The Japanese government has said that it will go ahead with its divisive plan to spur domestic travel by offering subsidies next week, although a rebound in COVID-19 cases in the capital will see the virus-hit Tokyo removed from the campaign.
According to Kazuyoshi Akaba, Minister of Land, Infrastructure, Transport and Tourism, trips within Japan by Tokyo residents as well as visits to and from Tokyo will not be supported by the planned subsidy program aimed at bolstering domestic travel, reports Xinhua news agency.
The government has said its 'Go-To Travel Campaign' would start on July 22, with the idea being that by subsidizing accommodation and transport fees, more people would be encouraged to take domestic trips.
Thus, according to the government's original reasoning, local economies and the overall domestic tourism sector would get a boost from increased consumer spending after a prolonged virus-triggered slump, which in turn would benefit the broader recession-hit economy.
But the campaign has met with resistance from concerned parties who fear that the plan will only serve to increase the number of COVID-19 infections as more people cross prefecture borders.
Tokyo Governor Yuriko Koike has spoken out against the plan as the city's metropolitan government while announcing COVID-19 cases had hit record 286 in the capital on Thursday, has urged people to refrain from making unnecessary trips across prefecture borders.
The number of infections in the capital has been increasing since the state of emergency was completely lifted on May 25.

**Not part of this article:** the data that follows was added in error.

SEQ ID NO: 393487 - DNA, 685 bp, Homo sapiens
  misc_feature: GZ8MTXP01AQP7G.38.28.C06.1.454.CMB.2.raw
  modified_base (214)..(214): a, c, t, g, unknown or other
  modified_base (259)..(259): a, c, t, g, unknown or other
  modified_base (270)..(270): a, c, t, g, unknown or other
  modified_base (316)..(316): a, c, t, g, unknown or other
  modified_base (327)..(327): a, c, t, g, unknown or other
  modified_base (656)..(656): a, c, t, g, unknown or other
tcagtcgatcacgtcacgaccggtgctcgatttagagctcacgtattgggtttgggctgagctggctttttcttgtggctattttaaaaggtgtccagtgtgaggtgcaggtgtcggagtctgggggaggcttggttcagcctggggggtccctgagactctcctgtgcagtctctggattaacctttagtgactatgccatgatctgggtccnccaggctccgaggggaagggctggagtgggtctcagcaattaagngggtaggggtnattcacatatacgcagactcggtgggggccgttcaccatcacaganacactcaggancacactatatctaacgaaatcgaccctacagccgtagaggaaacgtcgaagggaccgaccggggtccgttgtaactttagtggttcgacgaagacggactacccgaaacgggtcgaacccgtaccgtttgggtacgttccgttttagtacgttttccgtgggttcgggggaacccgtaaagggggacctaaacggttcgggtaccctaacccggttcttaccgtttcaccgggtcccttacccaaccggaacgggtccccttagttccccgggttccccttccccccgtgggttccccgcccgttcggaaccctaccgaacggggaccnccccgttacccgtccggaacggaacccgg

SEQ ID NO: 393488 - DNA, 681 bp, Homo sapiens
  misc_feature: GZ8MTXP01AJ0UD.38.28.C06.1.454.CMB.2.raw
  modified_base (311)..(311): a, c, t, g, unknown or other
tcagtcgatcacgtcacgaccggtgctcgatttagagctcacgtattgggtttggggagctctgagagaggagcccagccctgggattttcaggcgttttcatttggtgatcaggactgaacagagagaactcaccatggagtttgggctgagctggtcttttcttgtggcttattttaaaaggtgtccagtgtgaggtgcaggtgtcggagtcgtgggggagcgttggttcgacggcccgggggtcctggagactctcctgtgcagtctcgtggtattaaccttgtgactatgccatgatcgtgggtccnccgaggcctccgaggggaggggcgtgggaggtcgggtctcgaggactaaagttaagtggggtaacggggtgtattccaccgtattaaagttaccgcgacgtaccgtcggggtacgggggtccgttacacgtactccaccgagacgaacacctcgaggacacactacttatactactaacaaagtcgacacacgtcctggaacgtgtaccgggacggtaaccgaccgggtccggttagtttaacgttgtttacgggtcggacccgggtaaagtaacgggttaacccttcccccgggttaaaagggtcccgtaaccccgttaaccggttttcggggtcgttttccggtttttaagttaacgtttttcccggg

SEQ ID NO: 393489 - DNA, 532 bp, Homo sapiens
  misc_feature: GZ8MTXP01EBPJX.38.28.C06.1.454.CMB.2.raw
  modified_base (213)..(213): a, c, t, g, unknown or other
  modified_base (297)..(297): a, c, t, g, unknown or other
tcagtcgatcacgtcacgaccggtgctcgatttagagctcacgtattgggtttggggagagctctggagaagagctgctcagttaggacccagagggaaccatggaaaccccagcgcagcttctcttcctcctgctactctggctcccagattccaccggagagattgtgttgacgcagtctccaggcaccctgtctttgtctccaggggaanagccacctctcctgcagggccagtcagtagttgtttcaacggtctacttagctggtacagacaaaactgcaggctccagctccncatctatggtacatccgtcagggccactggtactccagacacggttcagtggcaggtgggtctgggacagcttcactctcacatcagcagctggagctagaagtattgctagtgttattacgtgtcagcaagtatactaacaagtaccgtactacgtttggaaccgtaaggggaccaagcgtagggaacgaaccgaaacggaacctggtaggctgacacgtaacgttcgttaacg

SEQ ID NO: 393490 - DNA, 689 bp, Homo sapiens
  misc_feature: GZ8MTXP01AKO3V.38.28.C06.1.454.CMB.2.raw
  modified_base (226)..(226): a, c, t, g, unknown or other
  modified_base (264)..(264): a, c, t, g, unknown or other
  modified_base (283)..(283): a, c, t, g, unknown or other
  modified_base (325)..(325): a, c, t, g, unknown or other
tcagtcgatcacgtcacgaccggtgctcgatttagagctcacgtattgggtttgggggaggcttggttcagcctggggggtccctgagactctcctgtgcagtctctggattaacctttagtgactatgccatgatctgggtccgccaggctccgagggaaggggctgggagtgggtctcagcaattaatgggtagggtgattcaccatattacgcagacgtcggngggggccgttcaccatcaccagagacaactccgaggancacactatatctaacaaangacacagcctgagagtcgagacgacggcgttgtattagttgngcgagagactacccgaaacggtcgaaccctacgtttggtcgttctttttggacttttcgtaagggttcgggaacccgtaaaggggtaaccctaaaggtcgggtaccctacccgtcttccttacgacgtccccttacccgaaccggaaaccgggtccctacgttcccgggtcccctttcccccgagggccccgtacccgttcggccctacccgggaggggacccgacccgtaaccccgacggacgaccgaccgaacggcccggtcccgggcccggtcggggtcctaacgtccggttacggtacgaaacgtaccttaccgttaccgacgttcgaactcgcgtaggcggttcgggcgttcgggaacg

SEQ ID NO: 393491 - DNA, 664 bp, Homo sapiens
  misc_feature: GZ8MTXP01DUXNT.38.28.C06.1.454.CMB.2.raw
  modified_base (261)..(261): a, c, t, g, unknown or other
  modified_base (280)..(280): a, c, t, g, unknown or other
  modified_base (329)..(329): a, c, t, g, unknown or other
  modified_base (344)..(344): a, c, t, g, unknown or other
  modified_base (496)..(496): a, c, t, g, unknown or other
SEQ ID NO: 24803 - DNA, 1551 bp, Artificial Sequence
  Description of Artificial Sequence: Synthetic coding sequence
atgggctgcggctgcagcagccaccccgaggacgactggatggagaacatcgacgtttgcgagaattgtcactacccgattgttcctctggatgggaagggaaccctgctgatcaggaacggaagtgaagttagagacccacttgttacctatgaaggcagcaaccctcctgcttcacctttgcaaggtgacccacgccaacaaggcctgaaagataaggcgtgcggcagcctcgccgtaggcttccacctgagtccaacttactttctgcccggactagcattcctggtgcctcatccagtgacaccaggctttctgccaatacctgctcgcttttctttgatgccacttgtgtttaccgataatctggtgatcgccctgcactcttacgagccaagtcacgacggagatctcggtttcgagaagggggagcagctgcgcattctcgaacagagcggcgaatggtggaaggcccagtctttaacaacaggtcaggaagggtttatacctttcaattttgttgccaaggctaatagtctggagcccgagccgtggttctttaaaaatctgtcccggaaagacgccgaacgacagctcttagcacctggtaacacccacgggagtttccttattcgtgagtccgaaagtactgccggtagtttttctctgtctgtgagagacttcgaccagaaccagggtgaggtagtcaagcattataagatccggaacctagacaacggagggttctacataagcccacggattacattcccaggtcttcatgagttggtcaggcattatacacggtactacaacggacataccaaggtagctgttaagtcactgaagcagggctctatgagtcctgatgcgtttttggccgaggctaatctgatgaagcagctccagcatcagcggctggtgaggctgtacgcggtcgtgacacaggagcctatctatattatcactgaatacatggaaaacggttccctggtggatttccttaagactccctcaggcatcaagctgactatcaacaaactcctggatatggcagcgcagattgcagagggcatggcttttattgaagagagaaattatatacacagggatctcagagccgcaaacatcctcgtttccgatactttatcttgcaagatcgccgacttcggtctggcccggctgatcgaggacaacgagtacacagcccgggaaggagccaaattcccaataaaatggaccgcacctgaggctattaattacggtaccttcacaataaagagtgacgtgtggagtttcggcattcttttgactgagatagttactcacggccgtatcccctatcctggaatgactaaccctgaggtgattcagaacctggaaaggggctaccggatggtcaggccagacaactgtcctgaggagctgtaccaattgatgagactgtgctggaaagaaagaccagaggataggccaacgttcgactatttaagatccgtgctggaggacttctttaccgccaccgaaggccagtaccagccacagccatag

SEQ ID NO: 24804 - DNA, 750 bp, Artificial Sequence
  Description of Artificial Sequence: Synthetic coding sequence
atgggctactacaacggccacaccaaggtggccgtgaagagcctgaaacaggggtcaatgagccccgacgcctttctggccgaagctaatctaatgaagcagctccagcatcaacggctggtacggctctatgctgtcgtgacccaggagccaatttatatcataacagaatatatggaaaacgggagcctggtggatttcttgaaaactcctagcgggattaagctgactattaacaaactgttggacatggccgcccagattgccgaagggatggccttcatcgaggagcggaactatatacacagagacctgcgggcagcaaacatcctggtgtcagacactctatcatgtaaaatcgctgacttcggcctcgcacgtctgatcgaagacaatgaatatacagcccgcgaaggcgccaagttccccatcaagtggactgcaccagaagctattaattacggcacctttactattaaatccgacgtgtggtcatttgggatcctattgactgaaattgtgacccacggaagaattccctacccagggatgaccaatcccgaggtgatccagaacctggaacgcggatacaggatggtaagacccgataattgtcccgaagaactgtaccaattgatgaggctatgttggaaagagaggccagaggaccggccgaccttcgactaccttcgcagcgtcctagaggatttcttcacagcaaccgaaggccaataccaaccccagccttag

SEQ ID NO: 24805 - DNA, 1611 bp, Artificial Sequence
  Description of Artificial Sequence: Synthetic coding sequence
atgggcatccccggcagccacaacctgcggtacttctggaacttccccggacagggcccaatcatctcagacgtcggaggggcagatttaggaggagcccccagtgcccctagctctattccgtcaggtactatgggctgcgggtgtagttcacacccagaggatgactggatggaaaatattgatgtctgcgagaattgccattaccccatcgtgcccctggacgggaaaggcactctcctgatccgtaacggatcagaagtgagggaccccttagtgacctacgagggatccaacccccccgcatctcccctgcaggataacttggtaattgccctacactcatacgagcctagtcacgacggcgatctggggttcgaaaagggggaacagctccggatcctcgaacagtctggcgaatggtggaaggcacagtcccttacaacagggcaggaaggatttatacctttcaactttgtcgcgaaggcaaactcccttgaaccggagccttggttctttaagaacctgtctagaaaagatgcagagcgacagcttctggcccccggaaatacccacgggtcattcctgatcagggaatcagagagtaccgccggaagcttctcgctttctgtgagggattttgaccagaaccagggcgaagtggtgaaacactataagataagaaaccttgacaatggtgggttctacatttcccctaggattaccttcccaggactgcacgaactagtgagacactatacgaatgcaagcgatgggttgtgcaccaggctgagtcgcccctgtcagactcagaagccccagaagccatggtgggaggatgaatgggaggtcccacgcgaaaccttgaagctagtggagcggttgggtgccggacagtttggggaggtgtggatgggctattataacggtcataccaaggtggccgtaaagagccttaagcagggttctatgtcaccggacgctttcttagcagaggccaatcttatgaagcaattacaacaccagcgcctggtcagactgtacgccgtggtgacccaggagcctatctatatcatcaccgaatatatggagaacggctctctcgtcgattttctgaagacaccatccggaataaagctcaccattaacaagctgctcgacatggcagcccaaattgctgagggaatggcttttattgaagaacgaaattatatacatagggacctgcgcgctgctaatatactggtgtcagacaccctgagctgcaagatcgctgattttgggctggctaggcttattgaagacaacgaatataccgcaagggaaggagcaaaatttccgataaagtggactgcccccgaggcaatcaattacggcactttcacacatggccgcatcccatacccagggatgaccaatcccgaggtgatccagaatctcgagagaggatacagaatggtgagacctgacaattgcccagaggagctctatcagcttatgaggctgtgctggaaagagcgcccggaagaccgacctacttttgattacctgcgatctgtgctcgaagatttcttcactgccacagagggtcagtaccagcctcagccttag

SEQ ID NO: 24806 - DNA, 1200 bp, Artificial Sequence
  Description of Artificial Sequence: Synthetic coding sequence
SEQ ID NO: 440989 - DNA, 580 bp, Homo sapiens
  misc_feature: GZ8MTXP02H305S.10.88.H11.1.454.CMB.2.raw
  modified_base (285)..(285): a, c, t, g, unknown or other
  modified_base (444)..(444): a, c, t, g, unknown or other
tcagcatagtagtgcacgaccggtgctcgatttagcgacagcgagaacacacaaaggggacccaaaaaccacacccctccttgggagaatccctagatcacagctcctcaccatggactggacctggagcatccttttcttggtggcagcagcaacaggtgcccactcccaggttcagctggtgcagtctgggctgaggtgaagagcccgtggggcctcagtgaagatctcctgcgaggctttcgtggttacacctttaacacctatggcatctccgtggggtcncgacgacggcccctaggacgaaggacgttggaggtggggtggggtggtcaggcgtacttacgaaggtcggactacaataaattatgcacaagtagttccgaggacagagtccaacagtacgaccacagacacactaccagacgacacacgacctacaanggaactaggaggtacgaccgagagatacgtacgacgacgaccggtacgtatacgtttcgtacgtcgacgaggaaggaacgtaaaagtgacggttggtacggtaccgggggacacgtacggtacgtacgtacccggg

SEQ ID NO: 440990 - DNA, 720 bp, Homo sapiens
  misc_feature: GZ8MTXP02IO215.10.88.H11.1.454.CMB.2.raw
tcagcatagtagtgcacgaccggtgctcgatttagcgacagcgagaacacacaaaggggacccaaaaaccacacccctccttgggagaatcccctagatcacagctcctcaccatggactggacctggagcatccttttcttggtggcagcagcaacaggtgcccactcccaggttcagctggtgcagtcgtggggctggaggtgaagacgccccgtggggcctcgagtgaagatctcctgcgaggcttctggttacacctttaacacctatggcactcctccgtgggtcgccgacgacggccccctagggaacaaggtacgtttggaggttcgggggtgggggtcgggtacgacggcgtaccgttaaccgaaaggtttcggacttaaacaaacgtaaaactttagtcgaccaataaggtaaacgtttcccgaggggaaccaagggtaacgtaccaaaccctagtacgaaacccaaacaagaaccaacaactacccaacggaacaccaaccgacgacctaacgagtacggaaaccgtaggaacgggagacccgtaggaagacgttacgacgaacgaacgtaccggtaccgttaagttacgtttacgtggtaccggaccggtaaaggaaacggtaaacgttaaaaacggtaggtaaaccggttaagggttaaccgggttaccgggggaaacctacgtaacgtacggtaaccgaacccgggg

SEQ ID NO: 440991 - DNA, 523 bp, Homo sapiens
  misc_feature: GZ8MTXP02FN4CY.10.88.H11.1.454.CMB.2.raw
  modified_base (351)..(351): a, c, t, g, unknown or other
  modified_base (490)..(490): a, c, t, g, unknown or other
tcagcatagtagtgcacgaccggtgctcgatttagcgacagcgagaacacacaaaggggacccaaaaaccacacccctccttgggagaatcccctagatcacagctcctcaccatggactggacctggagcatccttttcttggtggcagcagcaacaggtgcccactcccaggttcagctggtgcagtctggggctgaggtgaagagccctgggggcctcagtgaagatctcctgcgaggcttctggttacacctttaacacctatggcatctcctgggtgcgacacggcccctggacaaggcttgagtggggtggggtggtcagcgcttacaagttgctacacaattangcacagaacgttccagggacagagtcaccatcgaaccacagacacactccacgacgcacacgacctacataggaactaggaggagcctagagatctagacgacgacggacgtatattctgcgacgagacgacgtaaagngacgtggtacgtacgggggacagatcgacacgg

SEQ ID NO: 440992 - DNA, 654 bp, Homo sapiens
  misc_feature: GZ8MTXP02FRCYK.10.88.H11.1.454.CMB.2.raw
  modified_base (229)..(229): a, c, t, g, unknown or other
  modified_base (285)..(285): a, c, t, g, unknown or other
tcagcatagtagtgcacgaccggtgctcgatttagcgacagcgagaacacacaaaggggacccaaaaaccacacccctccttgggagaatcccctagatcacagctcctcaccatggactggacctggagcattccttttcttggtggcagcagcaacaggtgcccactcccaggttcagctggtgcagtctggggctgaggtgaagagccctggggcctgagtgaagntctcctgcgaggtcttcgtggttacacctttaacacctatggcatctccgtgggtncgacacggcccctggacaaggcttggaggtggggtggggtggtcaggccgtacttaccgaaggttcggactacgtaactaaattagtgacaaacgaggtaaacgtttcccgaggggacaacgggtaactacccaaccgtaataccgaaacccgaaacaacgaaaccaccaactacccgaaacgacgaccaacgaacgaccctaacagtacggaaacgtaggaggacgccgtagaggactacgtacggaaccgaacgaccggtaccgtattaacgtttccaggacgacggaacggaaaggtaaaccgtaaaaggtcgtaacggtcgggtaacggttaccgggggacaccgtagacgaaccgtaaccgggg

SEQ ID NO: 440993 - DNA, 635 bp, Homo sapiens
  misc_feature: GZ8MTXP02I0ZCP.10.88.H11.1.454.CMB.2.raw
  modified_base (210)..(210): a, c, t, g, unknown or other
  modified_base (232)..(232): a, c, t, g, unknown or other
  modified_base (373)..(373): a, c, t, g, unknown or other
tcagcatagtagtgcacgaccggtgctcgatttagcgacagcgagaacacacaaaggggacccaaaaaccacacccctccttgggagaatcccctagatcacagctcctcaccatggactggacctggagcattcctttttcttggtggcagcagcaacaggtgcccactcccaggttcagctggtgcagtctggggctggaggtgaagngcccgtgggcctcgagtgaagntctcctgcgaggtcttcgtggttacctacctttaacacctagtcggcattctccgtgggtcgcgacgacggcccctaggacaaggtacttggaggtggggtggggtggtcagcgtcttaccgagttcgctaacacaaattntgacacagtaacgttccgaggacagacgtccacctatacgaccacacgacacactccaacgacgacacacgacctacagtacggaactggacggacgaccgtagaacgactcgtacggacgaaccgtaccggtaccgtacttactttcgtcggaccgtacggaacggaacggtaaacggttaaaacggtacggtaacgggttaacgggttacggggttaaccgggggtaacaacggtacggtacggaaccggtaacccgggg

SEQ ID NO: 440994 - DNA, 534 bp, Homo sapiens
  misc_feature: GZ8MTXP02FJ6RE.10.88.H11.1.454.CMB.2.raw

The metropolitan government amid a recent up-tick in cases has raised its coronavirus alert level to the highest on its four-tier scale.
A reading of four means that "infections are spreading" and as such Tokyo residents have been urged to refrain from making non-essential trips across prefectural borders in a bid to prevent the spread of the virus to other prefectures.
Tokyo's cumulative number of COVID-19 infections has risen to 8,640 as of Thursday evening, the highest among the nation's 47 prefectures, and accounting for more than one-third of all cases nationwide.
Tokyo's neighbouring prefectures of Saitama and Kanagawa have also recorded an increase in COVID-19 cases recently, commensurate with the capital's rise in infections.
Japan's cumulative number of COVID-19 cases has now risen to 23,645, not including those related to a cruise ship that was quarantined in Yokohama near Tokyo earlier this year.
Other local government's along with opposition parties have called on the government to rethink its Go-To Travel Campaign, urging the idea to be postponed or its introduction staggered amid the virus' resurgence and due to numerous areas being flooded and hit by landslides following torrential rain hitting wide swathes of the country recently.
Main opposition Constitutional Democratic Party of Japan head Yukio Edano said it is untimely to be promoting tourism right now.
Toshio Nakagawa, president of the Japan Medical Association, said that "extreme caution" would be required by the government in launching the campaign.